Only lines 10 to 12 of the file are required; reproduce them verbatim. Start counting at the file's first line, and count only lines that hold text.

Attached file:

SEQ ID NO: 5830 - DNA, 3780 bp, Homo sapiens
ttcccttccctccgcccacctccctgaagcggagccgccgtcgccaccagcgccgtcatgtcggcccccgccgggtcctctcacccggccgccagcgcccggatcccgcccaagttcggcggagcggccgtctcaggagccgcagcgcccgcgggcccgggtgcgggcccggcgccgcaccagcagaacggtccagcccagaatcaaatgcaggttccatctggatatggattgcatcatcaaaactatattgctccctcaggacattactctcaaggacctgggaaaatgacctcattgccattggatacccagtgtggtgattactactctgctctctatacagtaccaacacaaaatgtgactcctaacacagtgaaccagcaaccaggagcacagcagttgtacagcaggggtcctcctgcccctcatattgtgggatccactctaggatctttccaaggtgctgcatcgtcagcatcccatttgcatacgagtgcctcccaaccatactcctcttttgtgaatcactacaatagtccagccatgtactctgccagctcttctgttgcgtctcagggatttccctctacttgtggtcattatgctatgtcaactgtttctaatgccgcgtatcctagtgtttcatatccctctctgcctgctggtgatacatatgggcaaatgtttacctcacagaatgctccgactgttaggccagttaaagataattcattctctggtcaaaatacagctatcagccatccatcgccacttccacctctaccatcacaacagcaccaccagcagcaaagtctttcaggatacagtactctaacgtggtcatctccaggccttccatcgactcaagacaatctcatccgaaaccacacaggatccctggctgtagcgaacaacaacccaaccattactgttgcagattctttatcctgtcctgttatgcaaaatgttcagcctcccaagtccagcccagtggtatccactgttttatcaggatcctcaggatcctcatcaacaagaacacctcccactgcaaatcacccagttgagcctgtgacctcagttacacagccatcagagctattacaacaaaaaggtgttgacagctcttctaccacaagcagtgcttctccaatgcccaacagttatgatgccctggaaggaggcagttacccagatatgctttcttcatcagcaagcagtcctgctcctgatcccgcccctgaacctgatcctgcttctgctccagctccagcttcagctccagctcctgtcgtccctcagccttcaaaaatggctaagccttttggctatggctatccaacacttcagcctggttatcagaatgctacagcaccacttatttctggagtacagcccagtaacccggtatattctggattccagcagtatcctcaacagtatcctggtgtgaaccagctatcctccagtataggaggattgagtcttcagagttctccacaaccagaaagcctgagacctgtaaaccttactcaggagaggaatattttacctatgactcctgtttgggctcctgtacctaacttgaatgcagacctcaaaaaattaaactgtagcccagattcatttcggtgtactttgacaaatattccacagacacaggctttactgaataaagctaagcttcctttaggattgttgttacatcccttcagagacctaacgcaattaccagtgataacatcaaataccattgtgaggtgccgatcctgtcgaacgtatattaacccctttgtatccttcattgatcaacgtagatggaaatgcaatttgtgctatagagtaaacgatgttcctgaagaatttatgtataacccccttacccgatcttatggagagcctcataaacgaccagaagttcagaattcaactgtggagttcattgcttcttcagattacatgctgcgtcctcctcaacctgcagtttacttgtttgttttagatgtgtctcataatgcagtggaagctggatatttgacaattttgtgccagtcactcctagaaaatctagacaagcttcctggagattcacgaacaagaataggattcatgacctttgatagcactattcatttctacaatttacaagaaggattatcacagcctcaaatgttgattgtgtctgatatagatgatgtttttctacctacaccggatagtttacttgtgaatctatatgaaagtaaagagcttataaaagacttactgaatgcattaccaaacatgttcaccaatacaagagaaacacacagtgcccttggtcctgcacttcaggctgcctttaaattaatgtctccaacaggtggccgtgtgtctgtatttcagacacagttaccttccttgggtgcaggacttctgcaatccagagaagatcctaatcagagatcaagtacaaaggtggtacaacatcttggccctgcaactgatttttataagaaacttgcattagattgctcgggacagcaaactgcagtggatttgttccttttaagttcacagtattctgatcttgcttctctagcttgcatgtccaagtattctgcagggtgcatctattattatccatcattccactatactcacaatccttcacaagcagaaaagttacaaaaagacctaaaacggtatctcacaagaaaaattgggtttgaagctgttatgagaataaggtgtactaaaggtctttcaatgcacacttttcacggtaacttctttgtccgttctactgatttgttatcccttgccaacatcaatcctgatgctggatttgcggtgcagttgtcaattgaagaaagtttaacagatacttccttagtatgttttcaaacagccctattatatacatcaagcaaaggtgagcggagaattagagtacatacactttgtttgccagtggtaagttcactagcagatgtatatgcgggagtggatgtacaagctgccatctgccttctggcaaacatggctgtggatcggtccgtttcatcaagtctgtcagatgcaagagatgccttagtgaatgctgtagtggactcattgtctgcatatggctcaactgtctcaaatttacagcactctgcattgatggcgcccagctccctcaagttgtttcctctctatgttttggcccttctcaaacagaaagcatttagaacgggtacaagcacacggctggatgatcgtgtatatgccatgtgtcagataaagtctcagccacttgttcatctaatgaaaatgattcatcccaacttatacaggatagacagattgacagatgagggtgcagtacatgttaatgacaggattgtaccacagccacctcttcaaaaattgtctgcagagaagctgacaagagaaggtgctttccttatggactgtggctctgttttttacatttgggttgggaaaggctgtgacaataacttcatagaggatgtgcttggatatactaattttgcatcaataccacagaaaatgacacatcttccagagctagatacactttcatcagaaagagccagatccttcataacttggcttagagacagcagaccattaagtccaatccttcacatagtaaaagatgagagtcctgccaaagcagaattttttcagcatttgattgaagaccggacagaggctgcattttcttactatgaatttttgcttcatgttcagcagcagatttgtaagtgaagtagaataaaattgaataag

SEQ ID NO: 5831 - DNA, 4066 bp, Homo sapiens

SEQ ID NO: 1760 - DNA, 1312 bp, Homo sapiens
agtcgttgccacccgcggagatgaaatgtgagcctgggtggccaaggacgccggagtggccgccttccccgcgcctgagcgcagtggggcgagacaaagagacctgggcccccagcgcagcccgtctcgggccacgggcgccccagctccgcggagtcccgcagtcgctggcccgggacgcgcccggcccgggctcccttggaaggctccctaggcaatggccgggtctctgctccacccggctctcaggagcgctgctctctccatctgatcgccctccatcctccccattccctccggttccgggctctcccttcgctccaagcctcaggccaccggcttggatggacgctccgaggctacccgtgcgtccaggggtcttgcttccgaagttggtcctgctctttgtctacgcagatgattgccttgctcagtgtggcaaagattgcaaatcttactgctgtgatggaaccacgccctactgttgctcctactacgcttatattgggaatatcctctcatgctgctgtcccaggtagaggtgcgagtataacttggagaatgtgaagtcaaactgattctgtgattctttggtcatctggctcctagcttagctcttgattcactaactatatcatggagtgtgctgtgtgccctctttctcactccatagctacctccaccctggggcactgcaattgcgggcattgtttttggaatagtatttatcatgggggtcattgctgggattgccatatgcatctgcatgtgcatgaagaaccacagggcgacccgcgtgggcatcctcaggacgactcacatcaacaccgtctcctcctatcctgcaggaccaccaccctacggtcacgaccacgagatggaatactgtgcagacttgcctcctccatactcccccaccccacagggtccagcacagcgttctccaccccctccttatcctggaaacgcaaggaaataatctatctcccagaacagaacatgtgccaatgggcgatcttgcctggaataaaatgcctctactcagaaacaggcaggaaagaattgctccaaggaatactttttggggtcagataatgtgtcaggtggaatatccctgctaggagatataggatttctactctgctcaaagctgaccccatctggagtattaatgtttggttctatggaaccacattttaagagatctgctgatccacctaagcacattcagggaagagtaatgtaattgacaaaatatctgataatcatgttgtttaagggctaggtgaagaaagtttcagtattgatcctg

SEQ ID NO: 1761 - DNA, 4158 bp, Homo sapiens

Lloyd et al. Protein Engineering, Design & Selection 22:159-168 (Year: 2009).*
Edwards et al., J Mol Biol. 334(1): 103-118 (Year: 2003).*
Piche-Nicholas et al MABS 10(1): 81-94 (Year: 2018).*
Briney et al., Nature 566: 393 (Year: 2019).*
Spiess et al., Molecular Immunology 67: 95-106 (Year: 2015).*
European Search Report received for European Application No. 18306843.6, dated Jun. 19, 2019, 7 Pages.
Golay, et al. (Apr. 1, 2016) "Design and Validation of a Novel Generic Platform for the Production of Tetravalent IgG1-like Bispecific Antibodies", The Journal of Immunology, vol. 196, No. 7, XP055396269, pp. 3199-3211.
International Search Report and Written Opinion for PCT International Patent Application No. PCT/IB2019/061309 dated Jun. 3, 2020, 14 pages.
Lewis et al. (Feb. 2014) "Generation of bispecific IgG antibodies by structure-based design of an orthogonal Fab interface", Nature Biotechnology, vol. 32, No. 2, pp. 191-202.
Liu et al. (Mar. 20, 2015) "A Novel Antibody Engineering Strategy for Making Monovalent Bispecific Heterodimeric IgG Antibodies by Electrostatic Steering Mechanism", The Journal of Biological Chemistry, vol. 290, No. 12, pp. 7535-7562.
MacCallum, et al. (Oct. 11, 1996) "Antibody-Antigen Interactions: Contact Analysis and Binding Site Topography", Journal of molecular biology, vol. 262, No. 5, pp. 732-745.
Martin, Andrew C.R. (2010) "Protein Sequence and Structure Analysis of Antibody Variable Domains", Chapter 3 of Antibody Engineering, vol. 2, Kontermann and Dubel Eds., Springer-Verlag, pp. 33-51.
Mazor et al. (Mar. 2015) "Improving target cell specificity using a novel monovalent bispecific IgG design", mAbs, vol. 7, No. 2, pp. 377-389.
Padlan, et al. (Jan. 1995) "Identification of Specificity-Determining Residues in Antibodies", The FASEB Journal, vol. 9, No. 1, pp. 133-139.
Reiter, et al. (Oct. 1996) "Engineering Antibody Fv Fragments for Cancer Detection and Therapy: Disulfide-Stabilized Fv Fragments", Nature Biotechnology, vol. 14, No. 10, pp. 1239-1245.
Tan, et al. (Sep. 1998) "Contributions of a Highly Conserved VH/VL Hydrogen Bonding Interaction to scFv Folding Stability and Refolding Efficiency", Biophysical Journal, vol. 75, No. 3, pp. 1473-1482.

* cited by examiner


Briney et al., Nature 566: 393 (Year: 2019).*
Spiess et al., Molecular Immunology 67: 95-106 (Year: 2015).*
European Search Report received for European Application No. 18306843.6, dated Jun. 19, 2019, 7 Pages.